Vitamin C - why it's one of the most powerful vitamins?
Vitamins are essential nutrients that are required for various biochemical and physiological processes in the body. Based on their solubility we classify them as water-soluble (C and B complexes) and fat-soluble vitamins (A, D, E, K). Most of the vitamins cannot be synthesized in the body, that's why their supplementation in the diet is essential.
Vitamin C, also known as ascorbic acid (AA) exists in reduced (ascorbate) and oxidized forms as dehydroascorbic acid, which are easily interconvertible and biologically active thus it acts as an important antioxidant. Most plant and animal species can synthesize vitamin C from glucose and galactose, but humans can't.
Vitamin C deficiency
Vitamin C deficiency is often associated with anemia, infections, bleeding gums, poor wound healing, muscle degeneration. Severe and prolonged vitamin C deficiency can lead to scurvy, which is fatal if left untreated.
Whereas vitamin C deficiency is mainly caused by poor diet, several additional risk factors have been identified, including smoking, pregnancy, low socioeconomic status, genetic predisposition, old or young age, strenuous exercise, diabetes, and obesity.
For the correction of deficiency, vitamin C is often supplemented in large doses and unlike fat-soluble vitamins, toxicity is rare.
Dietary sources of vitamin C
Vitamin C is water-soluble so the body doesn't store it. To maintain adequate levels of vitamin C, people need to consume food that contains it every day. Vitamin C is found in citrus fruits, green peppers, red peppers, strawberries, tomatoes, broccoli, brussels sprouts, and other leafy vegetables. Animal sources are poor in vitamin C content that's why plants sources are important because of the high content of vitamin C, up to 5000 mg/100g. A total of 5-9 servings of fresh, minimally processed, or frozen fruit and vegetables per day is estimated to equal – 200 mg of vitamin C.
Vitamin C and health
Our body requires vitamin C for normal physiological functions:
- It helps in the synthesis and metabolism of tyrosine, folic acid, and tryptophan.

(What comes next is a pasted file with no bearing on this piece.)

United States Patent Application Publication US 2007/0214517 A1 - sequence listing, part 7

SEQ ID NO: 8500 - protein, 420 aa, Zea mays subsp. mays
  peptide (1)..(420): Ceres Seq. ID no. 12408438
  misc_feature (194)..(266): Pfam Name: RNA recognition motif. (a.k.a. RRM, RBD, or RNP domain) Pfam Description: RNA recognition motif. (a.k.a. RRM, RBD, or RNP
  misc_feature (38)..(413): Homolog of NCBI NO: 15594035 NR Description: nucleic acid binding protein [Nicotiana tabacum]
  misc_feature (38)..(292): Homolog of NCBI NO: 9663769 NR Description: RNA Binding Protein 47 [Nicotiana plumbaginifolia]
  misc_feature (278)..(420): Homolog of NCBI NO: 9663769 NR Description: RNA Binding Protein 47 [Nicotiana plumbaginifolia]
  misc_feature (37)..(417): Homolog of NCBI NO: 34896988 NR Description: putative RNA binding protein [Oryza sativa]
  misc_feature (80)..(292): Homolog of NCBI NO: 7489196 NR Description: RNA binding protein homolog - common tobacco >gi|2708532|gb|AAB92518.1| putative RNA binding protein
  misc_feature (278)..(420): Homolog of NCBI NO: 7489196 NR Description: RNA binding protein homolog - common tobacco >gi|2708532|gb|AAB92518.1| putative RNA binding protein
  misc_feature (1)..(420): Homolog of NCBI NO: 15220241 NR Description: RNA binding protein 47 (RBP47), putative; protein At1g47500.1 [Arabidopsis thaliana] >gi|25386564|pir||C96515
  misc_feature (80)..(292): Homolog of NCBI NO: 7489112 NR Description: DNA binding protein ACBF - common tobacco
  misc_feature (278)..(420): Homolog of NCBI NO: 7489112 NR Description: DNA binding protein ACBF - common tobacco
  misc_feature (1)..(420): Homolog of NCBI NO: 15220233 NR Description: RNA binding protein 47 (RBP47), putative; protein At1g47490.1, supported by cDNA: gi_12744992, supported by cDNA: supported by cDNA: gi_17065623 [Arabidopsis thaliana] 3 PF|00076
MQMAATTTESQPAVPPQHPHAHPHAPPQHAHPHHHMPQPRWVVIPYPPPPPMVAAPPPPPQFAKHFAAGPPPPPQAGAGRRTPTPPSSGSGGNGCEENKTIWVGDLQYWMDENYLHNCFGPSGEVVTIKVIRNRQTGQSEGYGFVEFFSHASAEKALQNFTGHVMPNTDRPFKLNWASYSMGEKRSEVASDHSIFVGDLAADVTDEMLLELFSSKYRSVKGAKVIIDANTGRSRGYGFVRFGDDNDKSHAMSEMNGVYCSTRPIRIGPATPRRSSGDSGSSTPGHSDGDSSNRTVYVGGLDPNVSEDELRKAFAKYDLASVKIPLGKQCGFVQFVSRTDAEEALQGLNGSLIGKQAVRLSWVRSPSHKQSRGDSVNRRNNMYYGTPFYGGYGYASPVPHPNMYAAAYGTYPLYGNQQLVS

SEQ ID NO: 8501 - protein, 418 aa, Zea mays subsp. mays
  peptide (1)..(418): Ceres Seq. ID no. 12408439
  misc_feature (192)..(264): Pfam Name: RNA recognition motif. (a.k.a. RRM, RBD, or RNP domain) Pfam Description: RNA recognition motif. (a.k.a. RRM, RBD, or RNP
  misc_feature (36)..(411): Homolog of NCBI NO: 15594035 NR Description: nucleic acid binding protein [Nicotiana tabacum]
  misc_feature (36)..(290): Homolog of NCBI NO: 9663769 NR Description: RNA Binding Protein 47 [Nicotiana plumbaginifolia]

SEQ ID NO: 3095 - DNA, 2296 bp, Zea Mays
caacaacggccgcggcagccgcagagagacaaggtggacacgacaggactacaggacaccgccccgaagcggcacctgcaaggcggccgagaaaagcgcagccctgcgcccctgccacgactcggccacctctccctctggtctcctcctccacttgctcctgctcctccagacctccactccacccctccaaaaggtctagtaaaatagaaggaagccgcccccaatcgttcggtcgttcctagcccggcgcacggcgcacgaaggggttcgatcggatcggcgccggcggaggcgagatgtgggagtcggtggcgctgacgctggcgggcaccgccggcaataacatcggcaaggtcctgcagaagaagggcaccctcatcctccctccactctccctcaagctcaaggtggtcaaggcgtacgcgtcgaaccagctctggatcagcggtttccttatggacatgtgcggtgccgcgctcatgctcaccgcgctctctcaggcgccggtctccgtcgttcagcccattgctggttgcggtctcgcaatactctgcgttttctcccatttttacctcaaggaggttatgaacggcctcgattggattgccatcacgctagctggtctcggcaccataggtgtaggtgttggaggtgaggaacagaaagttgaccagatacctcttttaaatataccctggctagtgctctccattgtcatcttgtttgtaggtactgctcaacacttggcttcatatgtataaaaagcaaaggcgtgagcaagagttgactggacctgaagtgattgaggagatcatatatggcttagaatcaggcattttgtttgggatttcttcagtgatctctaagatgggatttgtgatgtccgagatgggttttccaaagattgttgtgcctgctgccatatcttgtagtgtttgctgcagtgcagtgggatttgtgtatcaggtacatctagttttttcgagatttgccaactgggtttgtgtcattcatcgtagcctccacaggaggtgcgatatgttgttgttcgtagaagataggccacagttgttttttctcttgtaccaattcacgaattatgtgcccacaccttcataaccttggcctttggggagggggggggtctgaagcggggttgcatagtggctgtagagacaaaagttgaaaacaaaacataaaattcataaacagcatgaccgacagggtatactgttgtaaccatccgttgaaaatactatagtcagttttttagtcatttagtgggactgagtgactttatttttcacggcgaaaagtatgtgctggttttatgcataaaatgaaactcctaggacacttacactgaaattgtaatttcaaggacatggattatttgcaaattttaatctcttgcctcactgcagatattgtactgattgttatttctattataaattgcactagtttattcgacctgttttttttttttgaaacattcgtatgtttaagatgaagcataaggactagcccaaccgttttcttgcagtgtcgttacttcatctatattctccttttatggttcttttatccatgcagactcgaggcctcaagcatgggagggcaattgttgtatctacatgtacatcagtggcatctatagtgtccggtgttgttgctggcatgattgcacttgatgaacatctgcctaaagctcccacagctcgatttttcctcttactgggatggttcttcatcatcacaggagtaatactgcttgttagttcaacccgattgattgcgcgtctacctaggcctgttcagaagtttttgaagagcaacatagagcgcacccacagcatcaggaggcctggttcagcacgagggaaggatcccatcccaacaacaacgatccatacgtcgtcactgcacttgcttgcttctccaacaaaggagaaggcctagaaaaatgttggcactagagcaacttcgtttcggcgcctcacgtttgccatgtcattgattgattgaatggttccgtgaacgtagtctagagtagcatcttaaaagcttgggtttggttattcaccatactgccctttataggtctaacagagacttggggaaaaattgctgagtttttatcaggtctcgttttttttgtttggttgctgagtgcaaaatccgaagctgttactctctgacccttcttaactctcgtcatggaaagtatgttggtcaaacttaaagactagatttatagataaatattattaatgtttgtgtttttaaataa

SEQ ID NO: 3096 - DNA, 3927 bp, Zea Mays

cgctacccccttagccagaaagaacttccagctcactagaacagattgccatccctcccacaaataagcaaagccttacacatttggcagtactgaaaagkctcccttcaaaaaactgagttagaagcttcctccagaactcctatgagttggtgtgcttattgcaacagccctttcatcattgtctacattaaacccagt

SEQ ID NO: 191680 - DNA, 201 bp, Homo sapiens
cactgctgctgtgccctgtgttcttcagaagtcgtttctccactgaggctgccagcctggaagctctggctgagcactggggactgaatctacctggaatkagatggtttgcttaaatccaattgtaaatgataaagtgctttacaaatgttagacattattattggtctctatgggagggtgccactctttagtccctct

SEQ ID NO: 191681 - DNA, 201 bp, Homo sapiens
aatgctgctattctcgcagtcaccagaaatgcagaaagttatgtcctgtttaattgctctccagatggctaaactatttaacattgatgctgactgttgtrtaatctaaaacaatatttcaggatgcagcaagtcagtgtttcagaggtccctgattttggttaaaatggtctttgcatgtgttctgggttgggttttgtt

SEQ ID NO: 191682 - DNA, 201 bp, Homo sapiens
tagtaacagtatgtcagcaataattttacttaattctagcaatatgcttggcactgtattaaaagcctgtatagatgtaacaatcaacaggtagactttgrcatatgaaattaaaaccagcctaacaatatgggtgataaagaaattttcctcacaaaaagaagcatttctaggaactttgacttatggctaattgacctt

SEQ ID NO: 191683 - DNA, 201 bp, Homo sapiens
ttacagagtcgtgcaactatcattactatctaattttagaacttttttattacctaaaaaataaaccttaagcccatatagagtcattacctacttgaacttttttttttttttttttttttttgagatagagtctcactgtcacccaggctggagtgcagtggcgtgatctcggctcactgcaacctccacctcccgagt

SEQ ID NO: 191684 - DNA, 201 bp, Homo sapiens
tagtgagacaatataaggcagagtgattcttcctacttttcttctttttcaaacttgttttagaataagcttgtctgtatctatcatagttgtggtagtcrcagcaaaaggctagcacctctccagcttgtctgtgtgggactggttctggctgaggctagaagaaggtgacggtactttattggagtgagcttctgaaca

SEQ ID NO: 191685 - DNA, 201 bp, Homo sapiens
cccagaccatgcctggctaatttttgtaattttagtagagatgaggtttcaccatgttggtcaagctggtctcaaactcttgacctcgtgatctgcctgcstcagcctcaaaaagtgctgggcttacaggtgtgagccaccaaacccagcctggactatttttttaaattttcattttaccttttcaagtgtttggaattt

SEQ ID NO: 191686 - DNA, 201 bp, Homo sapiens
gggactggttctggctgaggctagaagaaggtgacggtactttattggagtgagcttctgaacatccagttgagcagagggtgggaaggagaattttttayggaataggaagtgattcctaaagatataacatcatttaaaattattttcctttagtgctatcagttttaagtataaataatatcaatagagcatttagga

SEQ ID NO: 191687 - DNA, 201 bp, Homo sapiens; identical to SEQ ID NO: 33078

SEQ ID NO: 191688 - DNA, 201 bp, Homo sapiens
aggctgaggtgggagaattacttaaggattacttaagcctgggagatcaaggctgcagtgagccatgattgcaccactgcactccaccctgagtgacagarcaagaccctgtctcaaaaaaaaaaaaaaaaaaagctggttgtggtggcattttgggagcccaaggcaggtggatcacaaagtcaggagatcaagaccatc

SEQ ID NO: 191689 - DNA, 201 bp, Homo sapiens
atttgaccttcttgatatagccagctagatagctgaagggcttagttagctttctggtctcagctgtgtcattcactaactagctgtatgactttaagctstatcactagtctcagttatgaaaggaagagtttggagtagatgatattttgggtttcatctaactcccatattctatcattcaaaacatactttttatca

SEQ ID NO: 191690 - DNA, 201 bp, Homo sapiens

- It facilitates the conversion of cholesterol into bile acids and hence lowers blood cholesterol levels.
- It increases the absorption of iron in the gut by reducing ferric to the ferrous state.
- As an antioxidant, it protects the body from various effects of free radicals, toxins, and pollutants.
Biochemical functions of vitamin C
Vitamin C is crucial in the maintenance of collagen, which represents about 1/3 of the total body protein. Collagen is the main component of connective tissue and makes up 1-2% of muscle tissue. Synthesis & accumulation of collagen and subsequent cross-linking of the fiber is also important because it gives new tensile strength to the damaged tissue, thus it helps with wound healing.
Vitamin C is also a co-factor for the enzyme dopamine-B-hydroxylase, which catalyzes the conversion of the neurotransmitter dopamine to norepinephrine, therefore is essential for the synthesis of catecholamines. They are compounds that play major roles in the body such as regulation of physiological processes, development of neurological, mental, endocrine, and cardiovascular diseases. They also play an important part in the body's response to stress, which is a very important function in maintaining the optimal functioning of the human body.
It's also involved in the transformation of cholesterol into bile acids. The deficiency of vitamin C affects this conversion. As result, cholesterol accumulates in the liver leading to hypercholesterolemia & cholesterol gall stones formation.
Vitamin C and the common cold
The most widely known effect of vitamin C is the prevention and relief of the common cold. If we have a weak immune system, we are prone to get sick more often. Vitamin C has been shown to stimulate the immune system by enhancing T-cell proliferation in response to infection. These cells are capable of lysing infected targets by producing large quantities of cytokines and by helping B cells to synthesize immunoglobulins to control inflammatory reactions.
The role of vitamin C in skin health
Vitamin C can be also found in cosmetic products. Skincare experts from all over the world are forging it into stars. You probably wonder why. Mainly because it's extremely effective against skin aging. It also makes our skin shiny, evens out the skin tone, and at the same time smoothes out small and deep wrinkles. We all want to look young, right?
- It promotes collagen formation: Vitamin C acts as a co-factor for the proline and lysine hydroxylases that stabilize the collagen molecule structure and it also promotes collagen gene expression.
- Acts like antioxidant: It can neutralize and remove oxidants, like those from environmental pollutants and after exposure to ultraviolet radiation. This is the most important in the epidermis, where vitamin C is concentrated in the skin. However, it's the most effective at reducing oxidative damage to the skin, when it's used in conjunction with vitamin E.
- Inhibits melanogenesis: Vitamin C derivates, have been shown to decrease melanin synthesis. This is thought to be due to its ability to reduce the ortho-quinones generated by tyrosinase. Agents that decrease melanogenesis are used to treat skin hyperpigmentation in conditions such as melasma or age spots.